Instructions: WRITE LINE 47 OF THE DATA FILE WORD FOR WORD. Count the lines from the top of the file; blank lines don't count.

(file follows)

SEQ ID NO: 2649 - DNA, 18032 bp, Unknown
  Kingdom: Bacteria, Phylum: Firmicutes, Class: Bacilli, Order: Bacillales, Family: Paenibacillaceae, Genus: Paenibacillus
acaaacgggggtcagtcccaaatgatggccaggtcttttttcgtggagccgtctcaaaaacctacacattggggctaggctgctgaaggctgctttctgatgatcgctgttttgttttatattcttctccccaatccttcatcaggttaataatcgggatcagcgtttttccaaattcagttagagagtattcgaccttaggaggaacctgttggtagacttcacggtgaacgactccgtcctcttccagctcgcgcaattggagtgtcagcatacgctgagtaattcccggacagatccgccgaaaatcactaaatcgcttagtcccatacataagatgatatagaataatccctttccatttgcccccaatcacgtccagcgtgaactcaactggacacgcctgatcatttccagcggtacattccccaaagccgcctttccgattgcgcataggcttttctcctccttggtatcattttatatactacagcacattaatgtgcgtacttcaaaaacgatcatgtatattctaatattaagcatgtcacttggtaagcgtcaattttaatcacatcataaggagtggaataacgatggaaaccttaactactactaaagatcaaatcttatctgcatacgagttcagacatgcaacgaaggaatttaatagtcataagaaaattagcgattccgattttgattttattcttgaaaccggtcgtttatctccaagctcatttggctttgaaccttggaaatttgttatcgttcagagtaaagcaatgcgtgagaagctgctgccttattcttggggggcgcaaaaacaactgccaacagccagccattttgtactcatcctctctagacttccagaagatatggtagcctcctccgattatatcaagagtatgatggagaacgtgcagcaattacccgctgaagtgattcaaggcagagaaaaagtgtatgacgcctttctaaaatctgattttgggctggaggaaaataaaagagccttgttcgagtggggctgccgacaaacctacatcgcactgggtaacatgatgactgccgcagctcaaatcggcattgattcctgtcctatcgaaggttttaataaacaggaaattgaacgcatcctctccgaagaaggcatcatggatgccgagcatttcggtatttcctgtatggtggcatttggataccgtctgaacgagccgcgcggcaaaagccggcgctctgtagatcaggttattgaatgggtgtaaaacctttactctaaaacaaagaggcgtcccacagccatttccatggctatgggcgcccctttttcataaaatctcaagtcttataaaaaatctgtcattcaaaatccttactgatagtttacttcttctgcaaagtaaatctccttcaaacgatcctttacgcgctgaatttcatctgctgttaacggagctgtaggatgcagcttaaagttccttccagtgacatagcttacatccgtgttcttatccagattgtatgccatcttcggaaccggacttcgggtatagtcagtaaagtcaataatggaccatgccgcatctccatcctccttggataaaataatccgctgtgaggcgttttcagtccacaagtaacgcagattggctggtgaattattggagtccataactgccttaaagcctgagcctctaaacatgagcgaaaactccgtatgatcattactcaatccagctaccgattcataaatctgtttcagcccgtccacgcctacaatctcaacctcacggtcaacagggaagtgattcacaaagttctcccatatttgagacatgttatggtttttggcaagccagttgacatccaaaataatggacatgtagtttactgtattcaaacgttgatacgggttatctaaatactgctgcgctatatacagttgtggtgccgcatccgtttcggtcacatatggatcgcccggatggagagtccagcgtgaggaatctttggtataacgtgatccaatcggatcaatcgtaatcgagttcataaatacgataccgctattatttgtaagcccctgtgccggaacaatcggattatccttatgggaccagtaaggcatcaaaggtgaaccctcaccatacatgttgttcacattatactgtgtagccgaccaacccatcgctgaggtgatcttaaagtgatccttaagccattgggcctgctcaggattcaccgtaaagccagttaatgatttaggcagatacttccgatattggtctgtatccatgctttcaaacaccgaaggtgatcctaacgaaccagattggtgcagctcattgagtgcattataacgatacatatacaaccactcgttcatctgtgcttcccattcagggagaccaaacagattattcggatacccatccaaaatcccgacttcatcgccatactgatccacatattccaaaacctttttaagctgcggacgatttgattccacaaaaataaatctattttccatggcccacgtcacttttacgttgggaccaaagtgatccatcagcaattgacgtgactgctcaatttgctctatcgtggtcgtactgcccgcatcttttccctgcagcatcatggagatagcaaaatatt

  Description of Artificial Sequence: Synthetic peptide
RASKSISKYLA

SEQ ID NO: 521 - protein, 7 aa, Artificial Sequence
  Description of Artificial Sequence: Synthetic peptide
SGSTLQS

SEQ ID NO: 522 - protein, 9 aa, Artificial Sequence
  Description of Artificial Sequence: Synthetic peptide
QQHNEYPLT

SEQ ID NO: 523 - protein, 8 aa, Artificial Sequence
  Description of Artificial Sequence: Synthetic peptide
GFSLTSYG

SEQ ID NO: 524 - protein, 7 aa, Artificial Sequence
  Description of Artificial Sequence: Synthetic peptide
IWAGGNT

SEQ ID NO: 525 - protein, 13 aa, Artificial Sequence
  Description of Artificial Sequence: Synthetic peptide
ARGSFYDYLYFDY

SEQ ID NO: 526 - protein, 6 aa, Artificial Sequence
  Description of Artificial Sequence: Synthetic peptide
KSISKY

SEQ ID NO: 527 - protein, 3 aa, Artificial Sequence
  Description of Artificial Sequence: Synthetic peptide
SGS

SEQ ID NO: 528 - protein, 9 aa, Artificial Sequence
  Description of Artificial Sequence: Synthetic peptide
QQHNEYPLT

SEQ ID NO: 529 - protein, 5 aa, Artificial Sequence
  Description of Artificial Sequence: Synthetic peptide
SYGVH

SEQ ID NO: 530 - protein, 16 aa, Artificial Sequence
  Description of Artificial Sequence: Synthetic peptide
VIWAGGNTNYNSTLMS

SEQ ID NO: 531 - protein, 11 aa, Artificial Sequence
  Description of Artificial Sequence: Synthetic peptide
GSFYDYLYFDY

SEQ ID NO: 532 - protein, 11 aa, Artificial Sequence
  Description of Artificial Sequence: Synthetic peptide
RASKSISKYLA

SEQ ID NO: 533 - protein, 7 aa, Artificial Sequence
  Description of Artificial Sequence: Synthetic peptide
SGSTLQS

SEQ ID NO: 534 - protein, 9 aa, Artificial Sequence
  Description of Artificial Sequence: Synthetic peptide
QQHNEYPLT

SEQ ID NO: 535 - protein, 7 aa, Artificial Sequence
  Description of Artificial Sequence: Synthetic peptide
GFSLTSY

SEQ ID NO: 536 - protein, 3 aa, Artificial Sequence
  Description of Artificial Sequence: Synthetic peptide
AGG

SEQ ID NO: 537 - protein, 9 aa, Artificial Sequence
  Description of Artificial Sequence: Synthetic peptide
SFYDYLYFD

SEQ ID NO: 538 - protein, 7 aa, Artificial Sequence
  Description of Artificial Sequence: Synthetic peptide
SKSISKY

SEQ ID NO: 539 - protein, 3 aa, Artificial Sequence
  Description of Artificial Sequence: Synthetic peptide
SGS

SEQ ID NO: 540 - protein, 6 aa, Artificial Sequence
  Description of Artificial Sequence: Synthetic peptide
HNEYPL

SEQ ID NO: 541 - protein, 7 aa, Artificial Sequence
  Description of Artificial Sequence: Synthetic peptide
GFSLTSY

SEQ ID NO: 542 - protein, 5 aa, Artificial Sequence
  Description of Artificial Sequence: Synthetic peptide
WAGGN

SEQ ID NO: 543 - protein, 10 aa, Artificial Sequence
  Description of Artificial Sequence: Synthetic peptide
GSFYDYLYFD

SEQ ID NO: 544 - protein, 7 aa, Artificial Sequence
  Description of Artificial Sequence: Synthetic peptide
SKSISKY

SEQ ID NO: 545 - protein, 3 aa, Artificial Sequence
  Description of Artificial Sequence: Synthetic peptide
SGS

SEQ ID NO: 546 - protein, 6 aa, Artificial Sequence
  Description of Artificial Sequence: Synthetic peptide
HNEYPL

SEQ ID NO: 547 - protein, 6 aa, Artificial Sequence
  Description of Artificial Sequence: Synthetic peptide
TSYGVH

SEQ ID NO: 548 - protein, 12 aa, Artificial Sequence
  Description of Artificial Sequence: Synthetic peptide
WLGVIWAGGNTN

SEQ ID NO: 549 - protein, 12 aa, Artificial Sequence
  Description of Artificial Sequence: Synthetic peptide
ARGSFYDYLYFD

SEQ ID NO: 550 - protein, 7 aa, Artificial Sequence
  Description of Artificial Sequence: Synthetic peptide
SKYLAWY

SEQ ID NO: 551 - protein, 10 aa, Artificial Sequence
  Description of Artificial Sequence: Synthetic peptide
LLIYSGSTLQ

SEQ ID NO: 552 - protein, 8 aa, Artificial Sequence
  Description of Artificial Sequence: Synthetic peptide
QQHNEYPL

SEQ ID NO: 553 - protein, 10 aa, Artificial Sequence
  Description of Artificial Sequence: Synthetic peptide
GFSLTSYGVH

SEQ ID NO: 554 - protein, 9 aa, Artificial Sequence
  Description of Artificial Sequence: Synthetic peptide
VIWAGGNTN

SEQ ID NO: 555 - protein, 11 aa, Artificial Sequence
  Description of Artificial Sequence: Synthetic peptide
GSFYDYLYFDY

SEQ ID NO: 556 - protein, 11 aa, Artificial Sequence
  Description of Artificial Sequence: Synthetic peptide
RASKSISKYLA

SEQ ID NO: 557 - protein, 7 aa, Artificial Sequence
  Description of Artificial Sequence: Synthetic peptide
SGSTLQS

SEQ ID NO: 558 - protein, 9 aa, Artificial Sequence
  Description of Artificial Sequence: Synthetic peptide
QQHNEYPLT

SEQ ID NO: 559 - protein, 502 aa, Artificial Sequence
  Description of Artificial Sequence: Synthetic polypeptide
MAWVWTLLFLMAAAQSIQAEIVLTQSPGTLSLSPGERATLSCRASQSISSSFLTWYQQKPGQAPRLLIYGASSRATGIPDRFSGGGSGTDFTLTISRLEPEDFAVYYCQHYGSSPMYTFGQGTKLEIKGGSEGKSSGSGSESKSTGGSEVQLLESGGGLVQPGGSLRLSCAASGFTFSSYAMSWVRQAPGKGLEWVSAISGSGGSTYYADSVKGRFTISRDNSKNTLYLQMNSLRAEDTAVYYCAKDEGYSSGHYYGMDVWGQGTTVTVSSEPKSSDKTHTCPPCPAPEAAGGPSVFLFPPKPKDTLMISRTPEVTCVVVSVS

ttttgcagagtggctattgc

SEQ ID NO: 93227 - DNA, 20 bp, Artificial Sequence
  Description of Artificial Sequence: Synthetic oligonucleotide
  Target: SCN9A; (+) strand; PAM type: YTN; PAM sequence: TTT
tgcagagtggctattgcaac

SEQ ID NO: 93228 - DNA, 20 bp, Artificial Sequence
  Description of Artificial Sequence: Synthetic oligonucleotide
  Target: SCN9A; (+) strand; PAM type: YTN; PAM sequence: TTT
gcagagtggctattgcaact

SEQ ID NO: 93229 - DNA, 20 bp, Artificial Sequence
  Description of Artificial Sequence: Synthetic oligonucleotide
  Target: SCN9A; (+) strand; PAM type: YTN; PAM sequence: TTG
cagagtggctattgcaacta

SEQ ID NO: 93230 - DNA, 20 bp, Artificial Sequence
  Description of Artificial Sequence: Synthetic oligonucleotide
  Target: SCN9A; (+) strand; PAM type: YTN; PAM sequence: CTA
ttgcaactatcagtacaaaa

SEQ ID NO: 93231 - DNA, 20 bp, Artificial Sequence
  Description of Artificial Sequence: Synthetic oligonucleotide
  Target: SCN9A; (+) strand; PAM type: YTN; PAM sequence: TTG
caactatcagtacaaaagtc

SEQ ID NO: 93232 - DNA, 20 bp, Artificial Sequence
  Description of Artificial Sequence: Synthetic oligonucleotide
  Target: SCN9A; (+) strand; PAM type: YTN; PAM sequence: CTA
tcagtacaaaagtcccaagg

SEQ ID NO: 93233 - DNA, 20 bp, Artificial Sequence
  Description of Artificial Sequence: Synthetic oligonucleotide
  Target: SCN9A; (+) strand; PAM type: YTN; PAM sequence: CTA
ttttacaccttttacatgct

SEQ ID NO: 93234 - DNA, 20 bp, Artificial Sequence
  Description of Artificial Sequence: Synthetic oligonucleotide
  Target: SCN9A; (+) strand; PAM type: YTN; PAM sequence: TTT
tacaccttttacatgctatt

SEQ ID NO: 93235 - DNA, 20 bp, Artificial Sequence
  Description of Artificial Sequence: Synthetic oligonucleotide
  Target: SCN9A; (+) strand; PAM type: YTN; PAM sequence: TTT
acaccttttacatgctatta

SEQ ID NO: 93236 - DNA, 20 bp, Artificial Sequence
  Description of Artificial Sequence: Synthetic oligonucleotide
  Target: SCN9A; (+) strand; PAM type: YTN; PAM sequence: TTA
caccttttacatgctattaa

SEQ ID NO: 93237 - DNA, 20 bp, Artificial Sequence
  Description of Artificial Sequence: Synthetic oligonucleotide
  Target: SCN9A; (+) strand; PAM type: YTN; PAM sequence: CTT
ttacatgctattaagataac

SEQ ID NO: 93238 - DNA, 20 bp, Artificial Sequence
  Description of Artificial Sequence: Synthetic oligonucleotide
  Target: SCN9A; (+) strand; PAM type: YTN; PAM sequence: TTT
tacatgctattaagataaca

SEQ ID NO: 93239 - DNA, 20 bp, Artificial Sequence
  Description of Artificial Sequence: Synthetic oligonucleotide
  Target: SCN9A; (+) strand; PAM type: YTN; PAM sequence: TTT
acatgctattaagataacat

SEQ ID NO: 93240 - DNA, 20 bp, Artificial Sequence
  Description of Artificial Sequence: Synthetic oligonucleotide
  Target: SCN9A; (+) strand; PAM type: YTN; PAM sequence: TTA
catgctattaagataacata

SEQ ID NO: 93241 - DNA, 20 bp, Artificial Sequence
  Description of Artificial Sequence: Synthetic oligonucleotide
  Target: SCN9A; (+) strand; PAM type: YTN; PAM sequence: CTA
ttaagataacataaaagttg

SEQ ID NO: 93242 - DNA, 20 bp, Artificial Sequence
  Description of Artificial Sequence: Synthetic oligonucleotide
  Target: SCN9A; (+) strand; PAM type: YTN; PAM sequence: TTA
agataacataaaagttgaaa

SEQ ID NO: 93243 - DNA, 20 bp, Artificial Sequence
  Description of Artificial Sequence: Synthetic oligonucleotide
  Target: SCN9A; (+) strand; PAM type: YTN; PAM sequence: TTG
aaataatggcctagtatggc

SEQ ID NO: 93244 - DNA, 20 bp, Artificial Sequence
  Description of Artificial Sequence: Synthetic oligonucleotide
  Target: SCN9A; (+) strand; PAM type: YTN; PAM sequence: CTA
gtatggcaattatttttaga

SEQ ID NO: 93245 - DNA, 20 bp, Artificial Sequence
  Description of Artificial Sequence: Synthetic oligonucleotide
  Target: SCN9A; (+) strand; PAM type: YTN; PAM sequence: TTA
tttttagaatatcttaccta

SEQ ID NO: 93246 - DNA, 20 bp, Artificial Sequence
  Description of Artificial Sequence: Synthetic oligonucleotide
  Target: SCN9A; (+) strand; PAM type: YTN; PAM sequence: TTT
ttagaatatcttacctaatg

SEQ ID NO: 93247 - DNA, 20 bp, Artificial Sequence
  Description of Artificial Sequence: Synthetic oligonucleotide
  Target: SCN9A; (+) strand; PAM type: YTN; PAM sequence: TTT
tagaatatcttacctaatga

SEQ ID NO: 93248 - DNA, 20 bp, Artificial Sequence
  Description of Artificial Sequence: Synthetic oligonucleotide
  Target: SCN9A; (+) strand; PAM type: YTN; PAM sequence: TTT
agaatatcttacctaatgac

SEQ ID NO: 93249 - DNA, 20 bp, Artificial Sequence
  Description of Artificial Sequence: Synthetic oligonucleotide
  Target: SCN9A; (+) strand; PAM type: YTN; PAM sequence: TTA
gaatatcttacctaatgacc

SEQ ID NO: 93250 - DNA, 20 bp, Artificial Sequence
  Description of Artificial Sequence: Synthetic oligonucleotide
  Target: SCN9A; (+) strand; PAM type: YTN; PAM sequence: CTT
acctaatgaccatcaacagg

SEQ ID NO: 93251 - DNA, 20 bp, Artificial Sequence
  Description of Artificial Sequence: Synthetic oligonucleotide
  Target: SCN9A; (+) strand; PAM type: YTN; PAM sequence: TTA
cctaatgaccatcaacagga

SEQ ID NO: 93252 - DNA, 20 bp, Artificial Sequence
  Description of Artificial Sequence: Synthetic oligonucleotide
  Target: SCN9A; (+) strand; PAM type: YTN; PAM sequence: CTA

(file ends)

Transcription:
QQHNEYPLT